Early in April former CEO Jo Negrini was told vital action was needed in a letter from Grant Thornton marked private and confidential which has never been shared with members.
She set up a financial review panel to tackle the £65million budget gap which while it had made good progress by July in closing the gap, it was ‘frustrating’ said Mrs Ironmonger that when Section 114 was issued in November it had risen to £66 million.
The council was told there had been ‘little evidence’ of challenges from members or financial rigour around money lent to third parties groups such as Brick by Brick. They were told there was a need for clear governance arrangements, scrutiny of public money and an understanding of whether companies were delivering what expected to or not.
The scrutiny oversight was criticised and Mr Dossett said politics had no place’ in the scrutiny process.
Cllr Sean Fitzsimons lead on scrutiny refuted accusations of bullying from Conservatives He defended the decision of his scrutiny committee, criticised by the auditors, not to oppose the purchase of Park Hotel which subsequently went in to administration. It was called in by scrutiny but not referred to full council after a four to one vote. He claims he was ‘too trusting’ off officers advice. He said he wouldn’t resign even though he was . also criticised for not flagging up to the full council in August fears raised before his committee of an impending Section 114.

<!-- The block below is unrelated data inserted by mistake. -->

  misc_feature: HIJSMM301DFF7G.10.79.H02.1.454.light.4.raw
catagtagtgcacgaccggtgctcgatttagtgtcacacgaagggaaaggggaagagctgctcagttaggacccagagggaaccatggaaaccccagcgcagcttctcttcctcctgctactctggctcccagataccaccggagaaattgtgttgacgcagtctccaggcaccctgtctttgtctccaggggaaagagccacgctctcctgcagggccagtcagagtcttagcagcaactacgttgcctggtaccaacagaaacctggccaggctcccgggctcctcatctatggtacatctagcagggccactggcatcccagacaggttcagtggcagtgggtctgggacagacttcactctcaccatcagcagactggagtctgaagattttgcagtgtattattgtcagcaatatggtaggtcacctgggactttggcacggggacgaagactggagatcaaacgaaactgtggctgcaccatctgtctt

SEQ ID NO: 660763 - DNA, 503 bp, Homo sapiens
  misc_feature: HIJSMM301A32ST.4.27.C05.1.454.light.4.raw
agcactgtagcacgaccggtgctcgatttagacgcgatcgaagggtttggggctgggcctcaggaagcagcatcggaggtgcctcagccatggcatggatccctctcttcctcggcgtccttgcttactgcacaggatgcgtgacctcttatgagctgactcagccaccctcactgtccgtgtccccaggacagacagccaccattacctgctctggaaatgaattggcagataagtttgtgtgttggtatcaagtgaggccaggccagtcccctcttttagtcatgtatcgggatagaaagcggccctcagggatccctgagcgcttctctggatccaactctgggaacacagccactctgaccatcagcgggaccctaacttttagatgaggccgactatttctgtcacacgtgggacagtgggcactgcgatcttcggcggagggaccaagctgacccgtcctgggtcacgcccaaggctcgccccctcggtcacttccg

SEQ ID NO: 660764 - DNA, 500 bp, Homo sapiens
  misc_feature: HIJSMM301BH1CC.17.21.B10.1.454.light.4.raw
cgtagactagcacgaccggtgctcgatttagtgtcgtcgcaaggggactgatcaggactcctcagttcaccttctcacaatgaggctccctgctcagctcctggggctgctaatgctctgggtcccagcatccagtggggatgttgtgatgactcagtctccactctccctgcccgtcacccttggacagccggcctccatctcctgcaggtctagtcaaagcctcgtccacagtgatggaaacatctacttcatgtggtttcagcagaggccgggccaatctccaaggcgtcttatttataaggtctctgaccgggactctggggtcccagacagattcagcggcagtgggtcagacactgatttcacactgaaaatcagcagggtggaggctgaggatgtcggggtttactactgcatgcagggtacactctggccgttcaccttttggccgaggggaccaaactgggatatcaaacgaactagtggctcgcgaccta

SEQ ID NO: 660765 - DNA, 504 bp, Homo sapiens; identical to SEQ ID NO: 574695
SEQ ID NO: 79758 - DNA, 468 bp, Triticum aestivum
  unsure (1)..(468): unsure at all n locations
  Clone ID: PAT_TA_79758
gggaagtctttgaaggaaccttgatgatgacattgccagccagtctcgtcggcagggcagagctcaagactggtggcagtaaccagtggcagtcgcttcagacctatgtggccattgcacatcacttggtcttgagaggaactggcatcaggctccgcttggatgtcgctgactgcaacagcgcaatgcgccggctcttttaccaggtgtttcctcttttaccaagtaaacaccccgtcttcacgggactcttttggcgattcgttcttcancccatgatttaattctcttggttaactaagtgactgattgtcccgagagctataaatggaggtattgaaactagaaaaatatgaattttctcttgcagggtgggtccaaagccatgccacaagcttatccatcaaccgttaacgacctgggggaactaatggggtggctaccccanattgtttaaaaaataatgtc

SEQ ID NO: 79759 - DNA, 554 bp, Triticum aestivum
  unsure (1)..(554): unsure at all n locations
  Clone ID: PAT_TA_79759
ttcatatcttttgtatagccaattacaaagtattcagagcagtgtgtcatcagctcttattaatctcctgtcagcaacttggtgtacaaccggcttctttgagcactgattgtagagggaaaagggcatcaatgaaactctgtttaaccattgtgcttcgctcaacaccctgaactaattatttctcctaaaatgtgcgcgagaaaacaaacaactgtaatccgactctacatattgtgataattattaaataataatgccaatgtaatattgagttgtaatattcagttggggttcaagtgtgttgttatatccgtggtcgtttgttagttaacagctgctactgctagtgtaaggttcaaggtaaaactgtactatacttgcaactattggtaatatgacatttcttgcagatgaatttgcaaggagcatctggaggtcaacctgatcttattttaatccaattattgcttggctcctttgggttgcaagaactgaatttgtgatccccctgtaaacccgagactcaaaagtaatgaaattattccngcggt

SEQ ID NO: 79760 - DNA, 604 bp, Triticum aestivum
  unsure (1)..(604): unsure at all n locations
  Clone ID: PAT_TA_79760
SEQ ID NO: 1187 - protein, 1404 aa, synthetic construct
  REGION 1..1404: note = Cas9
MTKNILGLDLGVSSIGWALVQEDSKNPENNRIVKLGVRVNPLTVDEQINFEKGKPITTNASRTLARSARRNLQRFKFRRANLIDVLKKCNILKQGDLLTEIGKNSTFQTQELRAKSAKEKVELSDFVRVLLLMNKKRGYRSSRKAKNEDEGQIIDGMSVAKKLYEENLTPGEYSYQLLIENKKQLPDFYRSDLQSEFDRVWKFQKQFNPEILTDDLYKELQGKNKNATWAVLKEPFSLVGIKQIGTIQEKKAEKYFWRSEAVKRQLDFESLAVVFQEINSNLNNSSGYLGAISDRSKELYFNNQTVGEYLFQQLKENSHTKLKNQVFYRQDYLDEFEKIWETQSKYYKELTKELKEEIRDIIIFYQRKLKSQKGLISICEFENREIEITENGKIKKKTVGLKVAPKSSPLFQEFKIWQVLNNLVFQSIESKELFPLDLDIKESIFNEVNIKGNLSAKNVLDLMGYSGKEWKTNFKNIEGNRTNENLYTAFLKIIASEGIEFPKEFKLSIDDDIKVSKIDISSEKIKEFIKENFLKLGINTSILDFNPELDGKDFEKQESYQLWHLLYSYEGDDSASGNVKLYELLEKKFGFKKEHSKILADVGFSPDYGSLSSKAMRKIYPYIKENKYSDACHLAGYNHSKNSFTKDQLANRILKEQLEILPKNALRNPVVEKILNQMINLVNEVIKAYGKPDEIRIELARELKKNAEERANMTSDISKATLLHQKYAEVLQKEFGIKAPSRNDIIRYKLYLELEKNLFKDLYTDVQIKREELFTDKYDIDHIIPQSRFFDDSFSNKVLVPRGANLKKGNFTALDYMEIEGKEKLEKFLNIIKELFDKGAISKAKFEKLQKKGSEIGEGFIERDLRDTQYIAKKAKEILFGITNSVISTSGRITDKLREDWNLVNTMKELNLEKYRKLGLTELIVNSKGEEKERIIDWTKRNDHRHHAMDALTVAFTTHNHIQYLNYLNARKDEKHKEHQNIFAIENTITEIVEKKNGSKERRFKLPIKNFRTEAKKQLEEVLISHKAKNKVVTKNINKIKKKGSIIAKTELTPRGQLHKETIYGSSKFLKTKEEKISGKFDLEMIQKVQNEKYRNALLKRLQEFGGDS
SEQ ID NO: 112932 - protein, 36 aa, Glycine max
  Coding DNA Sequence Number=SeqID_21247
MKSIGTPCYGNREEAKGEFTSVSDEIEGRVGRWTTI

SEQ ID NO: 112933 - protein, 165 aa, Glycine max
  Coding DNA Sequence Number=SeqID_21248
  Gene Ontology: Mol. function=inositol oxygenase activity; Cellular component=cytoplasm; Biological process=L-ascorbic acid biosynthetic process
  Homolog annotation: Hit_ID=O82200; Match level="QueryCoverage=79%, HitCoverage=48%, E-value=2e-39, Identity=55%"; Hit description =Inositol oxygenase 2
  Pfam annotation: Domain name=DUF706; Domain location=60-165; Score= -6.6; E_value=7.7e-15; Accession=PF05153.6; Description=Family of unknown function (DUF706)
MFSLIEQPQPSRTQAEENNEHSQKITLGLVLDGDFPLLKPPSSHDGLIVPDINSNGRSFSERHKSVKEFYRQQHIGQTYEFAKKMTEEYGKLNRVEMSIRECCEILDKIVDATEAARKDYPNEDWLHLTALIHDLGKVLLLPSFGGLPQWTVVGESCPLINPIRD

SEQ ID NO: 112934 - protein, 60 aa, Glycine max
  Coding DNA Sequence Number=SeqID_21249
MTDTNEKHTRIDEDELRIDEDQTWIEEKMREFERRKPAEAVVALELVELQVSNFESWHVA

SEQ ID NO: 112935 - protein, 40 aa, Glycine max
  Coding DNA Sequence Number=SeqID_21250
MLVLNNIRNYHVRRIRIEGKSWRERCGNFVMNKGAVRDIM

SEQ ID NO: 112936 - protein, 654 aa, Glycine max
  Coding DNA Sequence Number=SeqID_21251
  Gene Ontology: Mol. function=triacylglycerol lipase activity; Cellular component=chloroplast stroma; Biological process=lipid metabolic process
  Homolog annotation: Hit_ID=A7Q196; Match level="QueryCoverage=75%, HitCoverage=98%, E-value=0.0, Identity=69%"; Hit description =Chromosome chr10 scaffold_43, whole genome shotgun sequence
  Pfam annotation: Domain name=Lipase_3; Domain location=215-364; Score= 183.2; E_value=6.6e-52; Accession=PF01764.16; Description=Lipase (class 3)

There was also further criticism of governance of the Brick by Brick arrangement. No loan payments or dividends have been paid by from Brick by Brick. Conservative Cllr Lynne Hail said this was contrary to what councillors were told previously by former cabinet lead for finance Simon Hall. Cllr Hall said he wanted minuted that he was provided with this information by council officers and Brick by Brick. It is unclear whether the council will ever be able to recoup the £30million.
Conservative Cllr Robert Canning described Brick by Brick as ‘little more then a Ponzi scheme’ and asked Deputy leader and Cabinet Member for Croydon Renewal Cllr Stuart King if he agreed?
Cllr King said the governance was ‘inadequate and protocols’ not enforced. He said there was now stronger governance and they were looking at the best way to protect tax payers interests including more than £200 million in loans paid to Brick by Brick.
He said it was likely in the short term that this might involve continuation of funding on current loan agreements, but that going forward decisions were being made on a site by site basis with transfers halted.
Councillors were told there was a need for improvement to the council’s: culture, decision making, risk assessment, communication with officers, members challenges, members strategy and plans.
Current cabinet member for finance Cllr Callton Young said councillors had been ‘found wanting’ and that there was ‘collective responsibility’ for the mess. He recommended councillors sign up for free financial masterclasses provided by the Local Government Association.